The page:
Meanwhile, it was stressed that despite the general qualitative agreement between theoretical predictions and experimental data, several aspects of quantitative descriptions remain unsatisfactory [9]. There have been different attempts to modify the basic theory by introducing additional factors, such as slip-spring elements, which constrain the reptation-like movement of a chain inside a tube and so on (e.g., [10–12]).

However, the principle point is that these model concepts work marvellously only in a linear region of viscoelasticity. In the transition to nonlinear behaviour, a lot of questions and problems appear. The first complex model of nonlinear viscoelasticity, known as the well-known Kaye-Bernstein-Kearsley-Zapas equation, explored the idea of separability (or factorization) of nonlinear viscoelastic properties into a “linear” part and a modifying function. This concept was then widely used by many authors; some versions of this approach include several modifications of the so-called Wagner models. The problem of nonlinear relaxation and its quantitative description has also been discussed by numerous authors. The correspondence of this approach with the Doi-Edwards model has also been examined. This line of studies is presented in several papers [10, 13–16] which cite and summarize the numerous investigations in this field.

The method of factorization in treating nonlinear viscoelastic properties is not general [17], and failure in applications of models of this class is also known, especially when macromolecules of complicated structure are studied [18, 19]. Different approaches to fast flows have been developed based on the stochastic simulation of entangled polymeric liquids [20].

Discussions of the problem of the nonlinear behaviour of viscoelastic fluids have always been limited by the frame of the continuum mechanics. Meanwhile, the mechanism of deformations at high shear rates remains not quite clear. Several publications in the last decade based on direct measurements demonstrated the heterogeneity of flow, with jumps in shear rates. In addition, direct observation showed that self-organization actually takes place in rotational flows of polymeric viscoelastic substances.

Discussions on nonlinearity and self-organization in the deformation of polymeric fluids tacitly assume that a deformed matter reminds fluid at any rate and the issue consists only of the choice of an appropriate constitutive equation. As such, many problems of instability, bifurcation, deformation-induced structure formation, and even fracture are considered in the framework of Giesekus or FENE models (e.g., [21]) or some other continuum models.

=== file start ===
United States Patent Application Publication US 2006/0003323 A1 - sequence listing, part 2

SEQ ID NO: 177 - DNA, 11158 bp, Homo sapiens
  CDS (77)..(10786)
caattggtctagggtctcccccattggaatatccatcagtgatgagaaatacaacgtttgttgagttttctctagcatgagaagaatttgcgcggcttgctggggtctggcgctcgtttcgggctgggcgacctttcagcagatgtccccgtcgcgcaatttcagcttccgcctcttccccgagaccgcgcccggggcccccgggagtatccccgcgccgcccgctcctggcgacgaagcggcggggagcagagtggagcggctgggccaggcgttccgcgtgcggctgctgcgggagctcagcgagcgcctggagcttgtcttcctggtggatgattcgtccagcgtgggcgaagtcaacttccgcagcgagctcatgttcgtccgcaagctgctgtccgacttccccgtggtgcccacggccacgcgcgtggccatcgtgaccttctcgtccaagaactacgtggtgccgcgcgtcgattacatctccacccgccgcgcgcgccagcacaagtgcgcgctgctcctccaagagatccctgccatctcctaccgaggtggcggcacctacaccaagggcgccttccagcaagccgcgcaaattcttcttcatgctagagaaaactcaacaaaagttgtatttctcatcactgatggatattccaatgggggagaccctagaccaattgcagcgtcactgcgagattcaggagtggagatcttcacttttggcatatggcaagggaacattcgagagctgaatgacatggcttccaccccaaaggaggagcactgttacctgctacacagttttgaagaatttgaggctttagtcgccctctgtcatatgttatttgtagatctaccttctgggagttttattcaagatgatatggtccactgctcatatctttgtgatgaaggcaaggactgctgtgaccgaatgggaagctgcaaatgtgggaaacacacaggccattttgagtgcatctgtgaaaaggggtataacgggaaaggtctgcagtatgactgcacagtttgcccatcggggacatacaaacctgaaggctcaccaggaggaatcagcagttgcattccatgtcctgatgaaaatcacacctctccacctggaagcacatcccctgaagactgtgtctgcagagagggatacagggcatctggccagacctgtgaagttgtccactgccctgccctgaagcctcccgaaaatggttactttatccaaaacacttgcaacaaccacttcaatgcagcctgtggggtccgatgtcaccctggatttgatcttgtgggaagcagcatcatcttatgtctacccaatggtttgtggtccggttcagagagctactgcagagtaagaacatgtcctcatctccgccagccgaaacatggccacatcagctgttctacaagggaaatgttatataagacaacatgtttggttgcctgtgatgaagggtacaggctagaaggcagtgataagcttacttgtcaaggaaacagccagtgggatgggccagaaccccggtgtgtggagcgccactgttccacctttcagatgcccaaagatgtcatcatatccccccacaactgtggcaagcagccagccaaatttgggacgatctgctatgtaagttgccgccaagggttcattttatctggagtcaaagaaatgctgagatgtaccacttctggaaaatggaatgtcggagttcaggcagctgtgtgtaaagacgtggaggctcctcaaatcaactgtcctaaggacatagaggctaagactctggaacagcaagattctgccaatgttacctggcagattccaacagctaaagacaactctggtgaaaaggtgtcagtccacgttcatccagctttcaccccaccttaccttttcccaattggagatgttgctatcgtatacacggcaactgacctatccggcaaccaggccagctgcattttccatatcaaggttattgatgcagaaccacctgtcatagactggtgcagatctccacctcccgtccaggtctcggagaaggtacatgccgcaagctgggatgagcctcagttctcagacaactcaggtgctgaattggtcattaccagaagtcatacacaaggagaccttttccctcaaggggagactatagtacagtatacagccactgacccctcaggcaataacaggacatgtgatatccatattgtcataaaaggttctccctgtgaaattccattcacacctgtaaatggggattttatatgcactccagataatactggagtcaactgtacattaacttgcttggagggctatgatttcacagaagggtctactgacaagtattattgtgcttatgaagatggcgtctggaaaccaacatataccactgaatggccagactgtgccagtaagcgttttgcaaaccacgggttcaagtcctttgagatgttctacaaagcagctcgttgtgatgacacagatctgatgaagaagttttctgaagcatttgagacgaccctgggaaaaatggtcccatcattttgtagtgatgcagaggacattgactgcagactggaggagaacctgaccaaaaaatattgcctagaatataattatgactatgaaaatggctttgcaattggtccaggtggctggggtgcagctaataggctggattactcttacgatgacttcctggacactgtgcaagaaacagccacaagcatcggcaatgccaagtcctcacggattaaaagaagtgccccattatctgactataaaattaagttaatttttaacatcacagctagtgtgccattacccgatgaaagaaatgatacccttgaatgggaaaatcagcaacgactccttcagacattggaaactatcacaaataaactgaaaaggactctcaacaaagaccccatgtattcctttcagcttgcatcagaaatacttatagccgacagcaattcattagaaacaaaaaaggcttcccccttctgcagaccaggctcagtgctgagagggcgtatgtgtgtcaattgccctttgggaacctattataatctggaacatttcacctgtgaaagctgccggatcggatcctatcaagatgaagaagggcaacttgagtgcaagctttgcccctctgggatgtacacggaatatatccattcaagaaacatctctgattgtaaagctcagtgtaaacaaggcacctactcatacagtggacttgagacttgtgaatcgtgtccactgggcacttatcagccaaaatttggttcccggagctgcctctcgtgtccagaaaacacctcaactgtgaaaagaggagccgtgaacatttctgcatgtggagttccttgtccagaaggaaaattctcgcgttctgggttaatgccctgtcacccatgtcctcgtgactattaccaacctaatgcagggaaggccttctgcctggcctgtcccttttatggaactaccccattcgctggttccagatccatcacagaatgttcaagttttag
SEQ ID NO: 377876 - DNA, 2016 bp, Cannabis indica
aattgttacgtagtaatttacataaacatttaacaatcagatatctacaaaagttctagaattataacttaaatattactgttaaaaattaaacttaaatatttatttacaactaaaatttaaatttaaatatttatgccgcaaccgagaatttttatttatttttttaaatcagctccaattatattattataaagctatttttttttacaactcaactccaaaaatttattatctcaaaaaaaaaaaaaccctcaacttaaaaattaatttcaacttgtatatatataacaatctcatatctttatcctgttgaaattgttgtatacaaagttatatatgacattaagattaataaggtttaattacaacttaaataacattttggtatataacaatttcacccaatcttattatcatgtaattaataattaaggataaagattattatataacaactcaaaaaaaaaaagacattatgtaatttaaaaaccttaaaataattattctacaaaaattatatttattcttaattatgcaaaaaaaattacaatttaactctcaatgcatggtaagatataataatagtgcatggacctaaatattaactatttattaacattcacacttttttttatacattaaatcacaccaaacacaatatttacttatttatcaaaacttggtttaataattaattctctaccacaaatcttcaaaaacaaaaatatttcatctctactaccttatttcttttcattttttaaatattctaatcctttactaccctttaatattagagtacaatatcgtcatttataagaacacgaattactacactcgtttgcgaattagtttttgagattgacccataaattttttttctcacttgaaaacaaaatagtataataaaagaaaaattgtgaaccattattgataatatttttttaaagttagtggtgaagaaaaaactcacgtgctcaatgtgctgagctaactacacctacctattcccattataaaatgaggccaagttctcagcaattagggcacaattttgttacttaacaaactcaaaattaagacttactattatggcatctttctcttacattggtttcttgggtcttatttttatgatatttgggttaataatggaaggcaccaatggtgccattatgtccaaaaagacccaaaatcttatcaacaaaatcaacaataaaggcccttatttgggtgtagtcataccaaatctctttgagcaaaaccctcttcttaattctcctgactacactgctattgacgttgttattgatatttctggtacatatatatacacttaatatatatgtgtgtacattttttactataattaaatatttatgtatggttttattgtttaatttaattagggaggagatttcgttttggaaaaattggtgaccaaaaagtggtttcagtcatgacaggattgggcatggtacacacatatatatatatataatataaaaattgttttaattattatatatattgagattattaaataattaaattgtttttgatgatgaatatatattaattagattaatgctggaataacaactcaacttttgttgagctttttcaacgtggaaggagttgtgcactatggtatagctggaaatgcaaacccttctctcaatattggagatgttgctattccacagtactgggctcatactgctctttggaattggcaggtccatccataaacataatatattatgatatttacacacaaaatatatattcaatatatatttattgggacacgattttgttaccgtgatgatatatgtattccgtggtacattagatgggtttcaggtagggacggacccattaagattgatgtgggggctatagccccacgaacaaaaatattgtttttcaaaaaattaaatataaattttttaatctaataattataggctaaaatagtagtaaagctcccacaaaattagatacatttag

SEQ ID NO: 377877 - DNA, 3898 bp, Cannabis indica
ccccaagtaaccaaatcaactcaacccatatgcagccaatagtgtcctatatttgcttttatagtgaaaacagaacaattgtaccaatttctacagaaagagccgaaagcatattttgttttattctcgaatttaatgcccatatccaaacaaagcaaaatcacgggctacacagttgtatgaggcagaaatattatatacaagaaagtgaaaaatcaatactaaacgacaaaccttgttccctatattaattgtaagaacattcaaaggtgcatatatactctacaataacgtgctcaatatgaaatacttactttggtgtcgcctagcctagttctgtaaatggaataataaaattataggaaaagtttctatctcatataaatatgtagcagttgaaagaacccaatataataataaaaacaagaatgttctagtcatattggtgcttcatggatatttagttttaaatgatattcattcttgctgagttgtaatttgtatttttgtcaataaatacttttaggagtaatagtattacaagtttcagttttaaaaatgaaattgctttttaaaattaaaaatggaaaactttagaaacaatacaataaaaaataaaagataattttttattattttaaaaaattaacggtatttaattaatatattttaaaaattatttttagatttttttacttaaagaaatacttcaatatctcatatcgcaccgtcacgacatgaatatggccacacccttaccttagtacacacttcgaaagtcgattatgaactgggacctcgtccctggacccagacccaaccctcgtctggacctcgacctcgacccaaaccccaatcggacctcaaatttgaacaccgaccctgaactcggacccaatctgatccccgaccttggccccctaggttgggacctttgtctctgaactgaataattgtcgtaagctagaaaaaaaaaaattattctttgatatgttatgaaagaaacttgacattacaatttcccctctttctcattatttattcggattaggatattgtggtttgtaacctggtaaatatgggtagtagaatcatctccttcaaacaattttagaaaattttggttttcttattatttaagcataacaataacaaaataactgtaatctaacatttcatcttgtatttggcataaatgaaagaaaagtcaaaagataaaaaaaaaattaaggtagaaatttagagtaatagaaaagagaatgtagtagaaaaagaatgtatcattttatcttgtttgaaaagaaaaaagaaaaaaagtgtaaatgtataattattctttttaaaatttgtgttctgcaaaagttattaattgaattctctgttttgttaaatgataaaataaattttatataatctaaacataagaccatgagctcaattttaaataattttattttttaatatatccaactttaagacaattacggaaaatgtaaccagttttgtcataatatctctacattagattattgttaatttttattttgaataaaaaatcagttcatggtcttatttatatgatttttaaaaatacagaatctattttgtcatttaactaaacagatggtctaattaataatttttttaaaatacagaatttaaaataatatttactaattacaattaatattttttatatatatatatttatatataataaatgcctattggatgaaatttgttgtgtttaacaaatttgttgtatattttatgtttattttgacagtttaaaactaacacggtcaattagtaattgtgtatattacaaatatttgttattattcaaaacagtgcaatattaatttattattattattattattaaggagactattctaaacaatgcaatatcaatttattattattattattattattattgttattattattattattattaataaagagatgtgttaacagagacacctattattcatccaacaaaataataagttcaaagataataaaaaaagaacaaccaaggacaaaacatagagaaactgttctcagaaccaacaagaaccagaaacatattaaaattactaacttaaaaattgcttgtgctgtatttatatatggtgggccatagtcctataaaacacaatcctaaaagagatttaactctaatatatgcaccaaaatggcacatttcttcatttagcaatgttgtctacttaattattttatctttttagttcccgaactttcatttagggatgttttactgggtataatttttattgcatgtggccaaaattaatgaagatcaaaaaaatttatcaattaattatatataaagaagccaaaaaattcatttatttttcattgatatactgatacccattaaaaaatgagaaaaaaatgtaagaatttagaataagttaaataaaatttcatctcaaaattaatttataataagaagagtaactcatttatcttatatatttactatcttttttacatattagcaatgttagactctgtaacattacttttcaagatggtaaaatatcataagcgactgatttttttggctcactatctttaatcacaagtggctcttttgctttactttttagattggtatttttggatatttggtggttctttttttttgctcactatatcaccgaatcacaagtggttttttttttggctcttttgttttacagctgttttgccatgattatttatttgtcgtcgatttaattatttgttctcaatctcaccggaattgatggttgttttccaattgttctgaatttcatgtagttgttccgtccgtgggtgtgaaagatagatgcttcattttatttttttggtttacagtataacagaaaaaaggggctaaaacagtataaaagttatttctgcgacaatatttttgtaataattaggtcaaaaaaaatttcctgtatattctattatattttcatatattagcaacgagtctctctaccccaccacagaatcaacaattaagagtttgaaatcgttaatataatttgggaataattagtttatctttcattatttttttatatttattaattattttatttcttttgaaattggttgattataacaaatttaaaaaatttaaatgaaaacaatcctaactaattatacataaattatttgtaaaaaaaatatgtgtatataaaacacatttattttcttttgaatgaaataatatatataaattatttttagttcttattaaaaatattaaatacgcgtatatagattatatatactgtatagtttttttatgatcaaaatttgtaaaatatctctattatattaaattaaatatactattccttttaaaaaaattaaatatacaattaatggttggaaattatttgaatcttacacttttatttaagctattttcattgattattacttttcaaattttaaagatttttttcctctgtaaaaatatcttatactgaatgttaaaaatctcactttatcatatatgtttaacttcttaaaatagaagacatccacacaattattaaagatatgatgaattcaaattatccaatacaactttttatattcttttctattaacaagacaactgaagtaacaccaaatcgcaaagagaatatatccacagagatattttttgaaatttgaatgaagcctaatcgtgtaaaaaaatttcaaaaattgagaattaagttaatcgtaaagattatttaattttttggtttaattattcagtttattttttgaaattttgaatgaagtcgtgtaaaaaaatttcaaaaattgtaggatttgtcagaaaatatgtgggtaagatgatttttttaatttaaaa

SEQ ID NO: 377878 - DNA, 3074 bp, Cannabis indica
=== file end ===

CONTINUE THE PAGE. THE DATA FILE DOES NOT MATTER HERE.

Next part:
Meanwhile, the last statement is of crucial value because it is permissible to ask: is it true at arbitrary high deformation rate (or stress)?

To answer this question, it is appropriate to return to the early conceptual results of Vinogradov et al. [22] who described the “spurt” phenomenon, the transition from shear flow to slip at high enough stresses, as well as the filament behavior at high enough deformation rates [23]. Experimental results of this kind have been treated in a rather evident manner: complex viscoelastic fluids lose the ability to flow at high deformation rates and transit into an elastic (rubbery) state, or, to formulate it more accurately, a rubber-like behavioural state occurs [24].

The dominant component of full deformation in this state is elastic (recoverable) deformations, and real flow becomes negligible. This is analogous (but not equivalent) to the flow-to-rubbery transition that takes place as a function of frequency in oscillation measurements. An obvious reflection of this analogue is the well-known Cox-Merz rule, though it has a different understanding [25, 26].

The separation of the full deformation into elastic (reversible) and flow (irreversible) components is made by measuring the reaction of a sample after cessation of the external force. The partial recovery of the initial shape is observed and this is the elastic component and the other (nonrecoverable) part of the total deformation is attributed as the flow.

The domination by elastic deformations over irreversible flow at high deformation rates is illustrated in Figure 1 for extension. The situation for shearing is quite the same for the initial stage of deformation or high deformation rates, though for low deformation rates stationary flow takes place and irreversible deformations become dominant.